I think of my great grandmother who could have passed for white but chose not too because she fell in love with a man the color shoe leather. I think about my great Aunt who did pass for white “up north” or rather didn’t assert her blackness. I think about my maternal great great grandmother who lived in Missouri at a time when it was illegal for Indians to own land and she passed as Black (lol–true story..who would ever think to pass for black??)

I can not in good conscience judge the author or his mother. His/her story is the story of my family and friends.

Judy in Atlanta says:

For the uneducated, two of the earliest Jewish houses of worship in America were in Charleston, SC and in Atlanta, GA. NOT New York.
My Mom is a survivor of the Shoah, and did not stop in New York and settle. Our family was sponsored by Jews in Atlanta. Our identity was never in question and never denied. Racists and bigots live everywhere, independent of location.

This type of article worries me. We Jews are supposed to love each other, but I find it very difficult to feel love for the author. Instead, I feel insulted by the superior attitude and condescension, as if it is an imposition and even a burden to write this book. Why do it? Because everybody else is?

Finally, if I understand Halacha correctly, then the mother indeed is not a Jew. She converted and therefore disavowed Judaism, so the use of “Jewish Mother” is wrong.

angry and disgusted says:

What a disgusting pathetic woman! She’s a self-hating anti-semitic scumbag! So is her son who excuses the actions of his evil mother. This women is basically a nazi. There is no difference between her and hitler, except that he murdered millions of Jews. Theodore and his mother are the poster children for Judenrats!

victoria says:

Is there a reason we cannot disagree with the author or offer opinions about his mother’s choice without resorting to name calling?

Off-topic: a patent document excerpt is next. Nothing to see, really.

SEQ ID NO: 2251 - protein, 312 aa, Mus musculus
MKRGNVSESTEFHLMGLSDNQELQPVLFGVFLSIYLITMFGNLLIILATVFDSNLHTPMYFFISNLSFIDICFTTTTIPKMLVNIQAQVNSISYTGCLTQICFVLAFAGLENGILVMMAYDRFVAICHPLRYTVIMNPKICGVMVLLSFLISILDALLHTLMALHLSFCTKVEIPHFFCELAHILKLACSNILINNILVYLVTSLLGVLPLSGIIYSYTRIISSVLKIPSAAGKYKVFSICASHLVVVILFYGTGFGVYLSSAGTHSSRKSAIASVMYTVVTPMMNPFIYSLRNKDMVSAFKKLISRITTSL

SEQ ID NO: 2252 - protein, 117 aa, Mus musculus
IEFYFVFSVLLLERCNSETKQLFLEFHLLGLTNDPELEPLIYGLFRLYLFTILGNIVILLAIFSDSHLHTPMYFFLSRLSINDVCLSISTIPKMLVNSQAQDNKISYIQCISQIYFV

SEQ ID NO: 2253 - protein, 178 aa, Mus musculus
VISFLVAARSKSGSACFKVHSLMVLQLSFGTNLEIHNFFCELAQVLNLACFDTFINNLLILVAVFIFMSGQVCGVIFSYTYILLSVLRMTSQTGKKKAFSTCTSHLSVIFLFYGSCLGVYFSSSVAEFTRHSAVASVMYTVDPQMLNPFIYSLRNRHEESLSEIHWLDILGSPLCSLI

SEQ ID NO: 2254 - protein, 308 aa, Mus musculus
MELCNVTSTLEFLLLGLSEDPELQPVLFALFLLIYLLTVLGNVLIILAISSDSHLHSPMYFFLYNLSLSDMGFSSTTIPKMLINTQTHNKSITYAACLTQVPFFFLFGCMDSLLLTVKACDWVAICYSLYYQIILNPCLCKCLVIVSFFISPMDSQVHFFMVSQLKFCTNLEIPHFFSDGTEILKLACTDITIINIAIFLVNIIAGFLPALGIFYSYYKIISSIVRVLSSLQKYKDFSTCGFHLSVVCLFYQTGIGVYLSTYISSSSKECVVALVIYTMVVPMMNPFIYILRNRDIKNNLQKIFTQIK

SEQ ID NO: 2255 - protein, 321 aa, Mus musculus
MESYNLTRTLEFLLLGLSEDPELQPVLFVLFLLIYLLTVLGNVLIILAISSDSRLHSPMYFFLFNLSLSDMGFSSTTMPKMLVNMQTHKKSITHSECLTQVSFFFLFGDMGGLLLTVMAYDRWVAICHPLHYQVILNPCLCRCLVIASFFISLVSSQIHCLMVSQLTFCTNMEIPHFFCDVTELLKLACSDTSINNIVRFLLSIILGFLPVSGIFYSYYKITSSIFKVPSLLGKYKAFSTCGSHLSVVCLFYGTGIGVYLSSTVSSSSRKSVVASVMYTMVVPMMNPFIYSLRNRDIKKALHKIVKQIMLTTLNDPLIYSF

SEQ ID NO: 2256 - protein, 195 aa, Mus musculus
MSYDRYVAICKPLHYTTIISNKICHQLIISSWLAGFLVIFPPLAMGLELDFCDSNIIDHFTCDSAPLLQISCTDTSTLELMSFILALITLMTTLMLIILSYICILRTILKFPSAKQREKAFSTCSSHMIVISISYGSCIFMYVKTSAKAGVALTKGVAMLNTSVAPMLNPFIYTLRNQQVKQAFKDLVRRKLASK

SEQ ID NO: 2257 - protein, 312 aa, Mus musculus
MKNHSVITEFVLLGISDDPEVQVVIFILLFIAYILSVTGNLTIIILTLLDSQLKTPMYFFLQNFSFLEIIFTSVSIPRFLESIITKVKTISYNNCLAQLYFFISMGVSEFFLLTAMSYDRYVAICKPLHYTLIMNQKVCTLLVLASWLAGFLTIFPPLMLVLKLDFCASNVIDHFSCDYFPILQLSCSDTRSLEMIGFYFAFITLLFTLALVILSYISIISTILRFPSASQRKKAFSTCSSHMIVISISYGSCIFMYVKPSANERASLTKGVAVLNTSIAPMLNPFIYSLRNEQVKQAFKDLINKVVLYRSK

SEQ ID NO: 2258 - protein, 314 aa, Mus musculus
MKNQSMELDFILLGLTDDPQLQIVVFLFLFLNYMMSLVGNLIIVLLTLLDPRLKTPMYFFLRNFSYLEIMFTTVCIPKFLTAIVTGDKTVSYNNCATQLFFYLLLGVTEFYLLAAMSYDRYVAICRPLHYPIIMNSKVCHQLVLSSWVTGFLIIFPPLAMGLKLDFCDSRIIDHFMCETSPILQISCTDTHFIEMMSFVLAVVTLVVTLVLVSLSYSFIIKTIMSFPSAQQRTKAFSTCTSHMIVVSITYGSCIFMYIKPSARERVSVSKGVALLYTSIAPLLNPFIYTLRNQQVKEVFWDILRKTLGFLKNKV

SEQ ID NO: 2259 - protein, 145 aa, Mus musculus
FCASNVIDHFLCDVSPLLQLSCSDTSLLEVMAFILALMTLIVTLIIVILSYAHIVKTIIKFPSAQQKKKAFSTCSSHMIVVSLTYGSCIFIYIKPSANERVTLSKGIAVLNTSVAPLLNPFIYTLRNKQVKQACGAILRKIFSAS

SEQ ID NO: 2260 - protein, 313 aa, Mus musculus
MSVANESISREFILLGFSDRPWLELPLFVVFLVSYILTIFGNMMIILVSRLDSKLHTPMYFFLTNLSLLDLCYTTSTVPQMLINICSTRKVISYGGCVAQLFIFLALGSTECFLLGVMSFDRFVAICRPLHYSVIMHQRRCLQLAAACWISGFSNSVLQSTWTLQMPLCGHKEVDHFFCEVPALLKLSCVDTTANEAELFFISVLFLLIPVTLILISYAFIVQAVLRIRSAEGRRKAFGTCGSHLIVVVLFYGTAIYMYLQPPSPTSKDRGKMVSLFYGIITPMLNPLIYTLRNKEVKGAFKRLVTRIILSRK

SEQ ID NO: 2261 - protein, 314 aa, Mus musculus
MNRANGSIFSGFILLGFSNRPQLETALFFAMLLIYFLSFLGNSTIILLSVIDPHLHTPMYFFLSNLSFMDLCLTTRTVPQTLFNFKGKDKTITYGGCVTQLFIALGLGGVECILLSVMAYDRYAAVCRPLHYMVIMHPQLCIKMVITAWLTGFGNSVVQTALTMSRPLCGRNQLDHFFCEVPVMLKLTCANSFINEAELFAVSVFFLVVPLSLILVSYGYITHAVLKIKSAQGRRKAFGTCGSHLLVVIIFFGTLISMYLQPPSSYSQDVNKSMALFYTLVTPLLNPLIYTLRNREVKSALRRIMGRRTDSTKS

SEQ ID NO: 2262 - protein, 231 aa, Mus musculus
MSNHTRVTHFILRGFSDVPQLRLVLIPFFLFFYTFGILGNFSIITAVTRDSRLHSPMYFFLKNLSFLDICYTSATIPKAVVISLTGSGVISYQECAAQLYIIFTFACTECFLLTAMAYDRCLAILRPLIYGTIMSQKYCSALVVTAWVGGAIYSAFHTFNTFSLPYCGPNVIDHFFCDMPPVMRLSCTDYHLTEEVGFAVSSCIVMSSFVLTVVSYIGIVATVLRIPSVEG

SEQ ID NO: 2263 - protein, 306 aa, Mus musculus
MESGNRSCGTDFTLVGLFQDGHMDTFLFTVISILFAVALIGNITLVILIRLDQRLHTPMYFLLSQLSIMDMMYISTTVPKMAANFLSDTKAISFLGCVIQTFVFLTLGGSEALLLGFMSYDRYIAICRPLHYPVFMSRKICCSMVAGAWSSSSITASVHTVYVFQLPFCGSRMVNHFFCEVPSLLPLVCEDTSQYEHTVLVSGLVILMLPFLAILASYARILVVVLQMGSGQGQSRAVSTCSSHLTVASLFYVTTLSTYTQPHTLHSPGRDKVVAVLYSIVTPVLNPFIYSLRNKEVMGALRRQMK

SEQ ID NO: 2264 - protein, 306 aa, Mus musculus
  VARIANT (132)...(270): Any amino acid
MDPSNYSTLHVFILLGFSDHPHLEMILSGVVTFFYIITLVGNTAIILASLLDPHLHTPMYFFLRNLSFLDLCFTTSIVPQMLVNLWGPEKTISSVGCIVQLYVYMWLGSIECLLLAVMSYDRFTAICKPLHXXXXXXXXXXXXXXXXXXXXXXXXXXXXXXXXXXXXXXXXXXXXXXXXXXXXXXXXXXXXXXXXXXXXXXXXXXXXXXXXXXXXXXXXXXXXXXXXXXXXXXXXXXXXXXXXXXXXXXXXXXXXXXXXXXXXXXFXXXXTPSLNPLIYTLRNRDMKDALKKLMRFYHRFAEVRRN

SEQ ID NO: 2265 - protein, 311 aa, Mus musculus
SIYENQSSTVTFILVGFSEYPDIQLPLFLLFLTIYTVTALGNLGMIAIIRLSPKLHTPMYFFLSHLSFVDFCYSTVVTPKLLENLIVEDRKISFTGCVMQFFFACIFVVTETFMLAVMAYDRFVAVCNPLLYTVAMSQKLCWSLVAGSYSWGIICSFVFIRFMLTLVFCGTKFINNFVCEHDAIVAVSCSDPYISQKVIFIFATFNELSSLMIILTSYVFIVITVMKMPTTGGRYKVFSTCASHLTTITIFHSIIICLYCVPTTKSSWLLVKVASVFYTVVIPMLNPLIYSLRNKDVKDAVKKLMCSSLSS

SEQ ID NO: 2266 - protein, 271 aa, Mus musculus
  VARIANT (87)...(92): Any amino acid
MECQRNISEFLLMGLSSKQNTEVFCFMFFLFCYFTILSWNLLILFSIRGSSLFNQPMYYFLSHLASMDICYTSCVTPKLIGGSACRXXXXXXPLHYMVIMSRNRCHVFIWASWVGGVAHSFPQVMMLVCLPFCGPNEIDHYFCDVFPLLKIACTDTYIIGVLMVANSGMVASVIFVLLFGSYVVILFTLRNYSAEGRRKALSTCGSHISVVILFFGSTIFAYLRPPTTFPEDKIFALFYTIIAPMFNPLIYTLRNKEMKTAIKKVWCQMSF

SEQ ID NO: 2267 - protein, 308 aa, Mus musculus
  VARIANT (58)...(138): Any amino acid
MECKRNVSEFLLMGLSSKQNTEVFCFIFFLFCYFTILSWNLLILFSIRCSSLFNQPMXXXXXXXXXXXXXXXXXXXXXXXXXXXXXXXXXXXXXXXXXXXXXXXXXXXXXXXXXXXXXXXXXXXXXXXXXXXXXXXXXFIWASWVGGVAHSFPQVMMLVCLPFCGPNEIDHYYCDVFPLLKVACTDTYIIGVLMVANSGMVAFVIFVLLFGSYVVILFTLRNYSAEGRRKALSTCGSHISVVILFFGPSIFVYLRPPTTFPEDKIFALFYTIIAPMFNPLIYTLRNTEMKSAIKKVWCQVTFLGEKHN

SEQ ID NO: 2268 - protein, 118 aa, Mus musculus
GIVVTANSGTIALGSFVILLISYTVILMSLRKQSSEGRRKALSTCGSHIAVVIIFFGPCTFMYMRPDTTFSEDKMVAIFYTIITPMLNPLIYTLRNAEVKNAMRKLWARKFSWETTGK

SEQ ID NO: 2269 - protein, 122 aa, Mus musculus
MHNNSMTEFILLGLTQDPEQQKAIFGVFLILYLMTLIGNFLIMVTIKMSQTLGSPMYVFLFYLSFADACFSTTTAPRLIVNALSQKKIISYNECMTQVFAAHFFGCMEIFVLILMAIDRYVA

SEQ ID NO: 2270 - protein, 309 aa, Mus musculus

ugh. I feel soiled just reading the condemnation comments.

In a class I teach, I have a woman who works as a rabbi for a local synagogue. The meanness of her congregation in the hours she must work and the work she must complete are exactly why I stopped being Catholic, something I considered my culture as much as my religion.

I don’t think that any man, or woman, of God would support the meanness that modern-day religion brings. But if they did/do, I want nothing of it. I’ll choose the hell of being good to my fellow human, of any faith or persuasion, to the “heaven” of the righteously horrible.

There. I’ve said it. Amen.

angry and disgusted says:

No one is resorting to “name-calling” here. We are just writing the truth about a despicable mother and son. If you can’t handle it that’s your problem.

WTF! You need to get some meds. What do your rambling non-sensical comments have to do with this article? This has nothing to do with religion. It has to do with a woman denying her heritage to appease a bunch of anti-semites. She thinks that gentiles are superior to Jews which makes her akin to hitler. You are obvioulsy uninformed about Judaism and just plain crazy.